After configuring your interfaces, you can verify your rules. In the IP Packet Security window, select the File menu and then select Verify (or click the magnifying glass icon on the toolbar). The verification process examines all the filter rules you’ve configured and sends error and completion messages to the bottom of the IP Packet Security window, as shown in Figure 7.
I found the error messages almost incomprehensible. A great deal of the problem is probably my unfamiliarity with the terminology used for packet security configuration. To make things easier, verify your rules as you go along. Rather than adding all the rules and then attempting to verify them all, enter a rule or two, then verify. You particularly want to verify rules when a relationship exists between statements — for example, when a statement for an interface depends on the set name entered on a filter rule.
After successfully verifying the rules, you can activate them. If this is the first time you are activating rules, you should be positive that you have access to a non-TCP/IP–connected device so that you can run the RMVTCPTBL command if necessary. You can use the Activate item on the File menu or click the right-pointing arrow icon in the toolbar to activate the rules. Assuming that your rules don’t lock you out of your system, you can start testing the effect of your rules on your TCP/IP services.
The Packet Filter Journal
Because I selected the option to journal FTP packets, a new journal was automatically created when I activated the rules. Two journals are actually created for you, both in library QUSRSYS:
- QIPFILTER, which contains journal entries related to packet-filtering activities
- QIPNAT, which contains journal entries related to NAT activities
Figure 8 shows a sample journal entry from the QIPFILTER journal. This journal entry shows that the Permit rule was used to accept a packet addressed to port 21 (the FTP control port) and that the packet originated from TCP/IP address 10.1.1.41.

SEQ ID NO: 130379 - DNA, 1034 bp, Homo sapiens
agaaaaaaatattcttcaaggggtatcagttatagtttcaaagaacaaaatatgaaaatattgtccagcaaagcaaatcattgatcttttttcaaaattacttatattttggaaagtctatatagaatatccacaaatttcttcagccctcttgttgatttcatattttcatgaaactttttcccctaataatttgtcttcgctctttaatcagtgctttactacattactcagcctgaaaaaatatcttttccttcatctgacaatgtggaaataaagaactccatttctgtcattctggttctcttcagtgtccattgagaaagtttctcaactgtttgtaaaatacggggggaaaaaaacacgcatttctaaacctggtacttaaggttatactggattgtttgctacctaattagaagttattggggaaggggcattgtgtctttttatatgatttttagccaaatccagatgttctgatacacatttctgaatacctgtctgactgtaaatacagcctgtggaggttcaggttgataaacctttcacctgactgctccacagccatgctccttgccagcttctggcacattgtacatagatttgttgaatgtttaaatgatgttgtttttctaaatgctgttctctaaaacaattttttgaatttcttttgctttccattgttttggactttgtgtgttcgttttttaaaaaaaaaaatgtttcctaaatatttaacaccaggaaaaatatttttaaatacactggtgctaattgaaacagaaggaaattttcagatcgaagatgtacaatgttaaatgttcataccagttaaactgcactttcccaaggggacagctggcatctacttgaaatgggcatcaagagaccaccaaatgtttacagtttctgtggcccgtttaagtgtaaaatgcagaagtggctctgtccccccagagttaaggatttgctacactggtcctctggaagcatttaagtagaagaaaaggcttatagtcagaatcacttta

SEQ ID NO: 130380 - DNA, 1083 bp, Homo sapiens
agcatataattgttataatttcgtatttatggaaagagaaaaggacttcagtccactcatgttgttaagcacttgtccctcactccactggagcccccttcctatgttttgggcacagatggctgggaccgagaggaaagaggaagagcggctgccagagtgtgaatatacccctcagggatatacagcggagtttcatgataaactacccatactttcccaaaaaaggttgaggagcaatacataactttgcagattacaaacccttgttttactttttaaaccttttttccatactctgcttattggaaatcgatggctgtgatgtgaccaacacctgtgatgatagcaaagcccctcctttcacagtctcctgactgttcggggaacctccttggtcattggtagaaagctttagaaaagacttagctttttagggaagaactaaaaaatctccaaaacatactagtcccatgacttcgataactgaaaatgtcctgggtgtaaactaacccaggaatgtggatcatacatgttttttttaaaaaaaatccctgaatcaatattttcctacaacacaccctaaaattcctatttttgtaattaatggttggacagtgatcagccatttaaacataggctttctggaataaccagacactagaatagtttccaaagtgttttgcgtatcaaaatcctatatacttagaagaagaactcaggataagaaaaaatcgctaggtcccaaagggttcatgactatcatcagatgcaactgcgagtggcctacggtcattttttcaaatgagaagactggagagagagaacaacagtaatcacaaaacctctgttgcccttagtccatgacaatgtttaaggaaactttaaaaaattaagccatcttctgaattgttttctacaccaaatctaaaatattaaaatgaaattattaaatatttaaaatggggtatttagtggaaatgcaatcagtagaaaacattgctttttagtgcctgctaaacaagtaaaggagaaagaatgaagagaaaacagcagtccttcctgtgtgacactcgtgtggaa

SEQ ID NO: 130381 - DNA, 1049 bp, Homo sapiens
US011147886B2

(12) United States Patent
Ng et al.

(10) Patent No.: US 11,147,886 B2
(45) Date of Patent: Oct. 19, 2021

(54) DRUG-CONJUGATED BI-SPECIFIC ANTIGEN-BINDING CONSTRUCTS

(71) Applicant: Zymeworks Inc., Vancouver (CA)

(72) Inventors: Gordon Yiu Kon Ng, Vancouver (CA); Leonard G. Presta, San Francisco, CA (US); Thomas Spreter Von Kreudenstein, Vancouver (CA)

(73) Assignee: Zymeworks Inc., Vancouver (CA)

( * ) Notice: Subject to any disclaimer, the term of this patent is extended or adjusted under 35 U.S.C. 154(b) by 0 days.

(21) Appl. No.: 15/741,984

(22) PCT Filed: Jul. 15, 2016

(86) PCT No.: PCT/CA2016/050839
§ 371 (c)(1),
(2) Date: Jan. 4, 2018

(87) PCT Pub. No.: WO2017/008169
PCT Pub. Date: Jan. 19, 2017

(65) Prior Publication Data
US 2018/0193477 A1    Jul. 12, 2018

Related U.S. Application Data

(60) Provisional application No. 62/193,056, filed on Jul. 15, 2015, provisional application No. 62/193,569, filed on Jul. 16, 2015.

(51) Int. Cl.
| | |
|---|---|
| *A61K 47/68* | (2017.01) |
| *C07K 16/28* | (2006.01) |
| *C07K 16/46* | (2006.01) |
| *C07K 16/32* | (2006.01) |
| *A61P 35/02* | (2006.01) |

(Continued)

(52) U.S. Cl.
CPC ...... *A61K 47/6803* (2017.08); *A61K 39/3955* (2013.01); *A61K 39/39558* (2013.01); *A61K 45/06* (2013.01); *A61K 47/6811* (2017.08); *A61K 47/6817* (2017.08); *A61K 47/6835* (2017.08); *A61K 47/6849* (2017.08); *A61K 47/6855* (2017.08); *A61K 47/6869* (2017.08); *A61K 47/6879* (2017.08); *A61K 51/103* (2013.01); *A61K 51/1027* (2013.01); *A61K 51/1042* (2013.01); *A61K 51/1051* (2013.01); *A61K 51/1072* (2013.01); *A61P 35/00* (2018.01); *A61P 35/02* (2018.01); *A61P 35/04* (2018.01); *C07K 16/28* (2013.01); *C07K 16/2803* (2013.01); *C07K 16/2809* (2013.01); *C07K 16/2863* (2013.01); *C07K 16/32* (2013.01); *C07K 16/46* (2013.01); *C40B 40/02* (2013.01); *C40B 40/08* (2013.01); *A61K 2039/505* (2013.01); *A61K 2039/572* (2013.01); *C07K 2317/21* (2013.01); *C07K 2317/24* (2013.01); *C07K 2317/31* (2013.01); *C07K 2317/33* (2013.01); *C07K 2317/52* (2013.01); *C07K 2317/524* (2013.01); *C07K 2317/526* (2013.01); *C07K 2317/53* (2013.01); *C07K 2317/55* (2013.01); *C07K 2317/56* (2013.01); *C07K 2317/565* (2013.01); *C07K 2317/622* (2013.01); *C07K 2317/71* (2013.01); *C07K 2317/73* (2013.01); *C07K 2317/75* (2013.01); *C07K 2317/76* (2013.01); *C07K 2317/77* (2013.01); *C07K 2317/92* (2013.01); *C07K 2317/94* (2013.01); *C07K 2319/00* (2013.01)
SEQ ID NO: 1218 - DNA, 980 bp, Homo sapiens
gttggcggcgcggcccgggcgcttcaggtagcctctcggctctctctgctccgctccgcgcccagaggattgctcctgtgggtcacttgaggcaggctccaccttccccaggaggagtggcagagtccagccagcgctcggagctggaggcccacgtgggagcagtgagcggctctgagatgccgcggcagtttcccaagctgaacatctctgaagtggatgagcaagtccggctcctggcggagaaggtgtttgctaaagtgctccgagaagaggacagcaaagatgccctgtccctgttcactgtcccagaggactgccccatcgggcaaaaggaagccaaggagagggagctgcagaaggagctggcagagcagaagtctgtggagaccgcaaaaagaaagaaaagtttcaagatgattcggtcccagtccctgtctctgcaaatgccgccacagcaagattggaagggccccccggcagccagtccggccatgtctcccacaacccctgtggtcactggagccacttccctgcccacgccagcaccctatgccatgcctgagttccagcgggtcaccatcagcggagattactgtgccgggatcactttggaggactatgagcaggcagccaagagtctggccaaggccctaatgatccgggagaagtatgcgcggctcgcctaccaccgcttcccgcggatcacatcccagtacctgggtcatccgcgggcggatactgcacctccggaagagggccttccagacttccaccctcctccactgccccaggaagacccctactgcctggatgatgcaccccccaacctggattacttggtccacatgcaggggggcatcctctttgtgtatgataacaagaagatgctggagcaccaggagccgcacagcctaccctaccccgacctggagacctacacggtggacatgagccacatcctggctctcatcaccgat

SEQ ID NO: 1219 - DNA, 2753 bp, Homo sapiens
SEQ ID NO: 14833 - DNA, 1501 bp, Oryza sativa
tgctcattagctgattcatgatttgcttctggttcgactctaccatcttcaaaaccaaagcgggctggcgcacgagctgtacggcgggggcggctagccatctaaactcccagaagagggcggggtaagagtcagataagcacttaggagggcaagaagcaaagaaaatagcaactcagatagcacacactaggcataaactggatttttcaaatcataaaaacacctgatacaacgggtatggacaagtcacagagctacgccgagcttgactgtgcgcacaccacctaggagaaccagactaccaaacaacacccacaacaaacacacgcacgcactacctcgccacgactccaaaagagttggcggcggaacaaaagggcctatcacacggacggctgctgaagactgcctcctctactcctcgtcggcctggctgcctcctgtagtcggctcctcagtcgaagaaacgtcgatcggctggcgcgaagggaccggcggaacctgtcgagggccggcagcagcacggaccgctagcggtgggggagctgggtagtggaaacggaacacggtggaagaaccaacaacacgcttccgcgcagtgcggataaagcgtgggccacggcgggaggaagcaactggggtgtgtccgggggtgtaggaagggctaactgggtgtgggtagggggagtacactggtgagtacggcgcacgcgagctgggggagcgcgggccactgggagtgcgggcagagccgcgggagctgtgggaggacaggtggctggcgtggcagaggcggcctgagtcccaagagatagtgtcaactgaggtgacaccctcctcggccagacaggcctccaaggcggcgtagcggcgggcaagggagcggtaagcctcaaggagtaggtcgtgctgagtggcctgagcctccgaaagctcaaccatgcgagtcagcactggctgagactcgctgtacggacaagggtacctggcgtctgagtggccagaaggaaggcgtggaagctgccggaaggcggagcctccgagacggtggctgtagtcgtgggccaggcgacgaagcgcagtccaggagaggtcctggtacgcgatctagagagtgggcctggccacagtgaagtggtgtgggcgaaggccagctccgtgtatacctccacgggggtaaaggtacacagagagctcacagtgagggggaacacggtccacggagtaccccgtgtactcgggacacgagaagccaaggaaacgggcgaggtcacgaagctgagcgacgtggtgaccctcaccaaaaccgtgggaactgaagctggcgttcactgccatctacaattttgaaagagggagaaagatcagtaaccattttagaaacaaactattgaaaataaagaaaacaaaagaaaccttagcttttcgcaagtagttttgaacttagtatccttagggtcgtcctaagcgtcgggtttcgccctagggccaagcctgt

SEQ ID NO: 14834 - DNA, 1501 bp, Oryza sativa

Along with the two journals, there are two system-supplied files:
- QSYS/QATOFIPF — output file for the IP packet-filter journal entries
- QSYS/QATOFNAT — output file for the NAT journal entries
Figure 9 shows the format of output file QATOFIPF. By specifying this file name on the OUTFILE parameter of the DSPJRN (Display Journal) command, you create a physical file of data from the journal that can be used in programs or queries that you develop to analyze the data.
When you enable IP packet filtering, you require your AS/400 to inspect every IP packet it receives. This activity obviously has some impact on performance. If you then add journaling, the performance impact is even more significant.
IBM performed an informal test and documented it in the Redbook V4 TCP/IP for AS/400: More Cool Things Than Ever (SG24-5190). The test suggests that on average, compared to a configuration with no packet filtering, filtering without journaling results in a 47 percent increase in average response time, and filtering with journaling results in an 87 percent increase in average response time. Journaling is obviously very "expensive," but if your purpose is to gather statistics so you can decide which rules to implement, it’s worthwhile because it’s easy to enable and disable.
Use Where Needed
You may not need to use AS/400 IP packet filtering. For example, if you have a firewall or a router that filters packets before they enter your network, there may be no point in performing the same filtering again on the AS/400. However, you may want to implement filtering if you are directly connecting your AS/400 to the Internet or if you are using Point-to-Point Protocol (PPP) for your connection. Although the chances may be slight that your AS/400 will be compromised over a PPP connection, you should be aware of the tools provided by IP packet filtering so that you can enable them if necessary.
My feeling is that AS/400 IP packet filtering can be quite involved to configure correctly. Unless you’re a network engineer, you probably won’t have many chances to practice configuring IP packet filters, so the odds of creating an incorrect configuration are high. However, IP packet filtering is certainly better than nothing (no firewall) if you’re connecting to an external network.
This article is reprinted from AS/400 Network Solutions (October/November 1999).
Craig Pelkie works for a dot-com startup in the San Diego area. He’s also a frequent speaker at NEWS/400 seminars on topics including TCP/IP and the Web.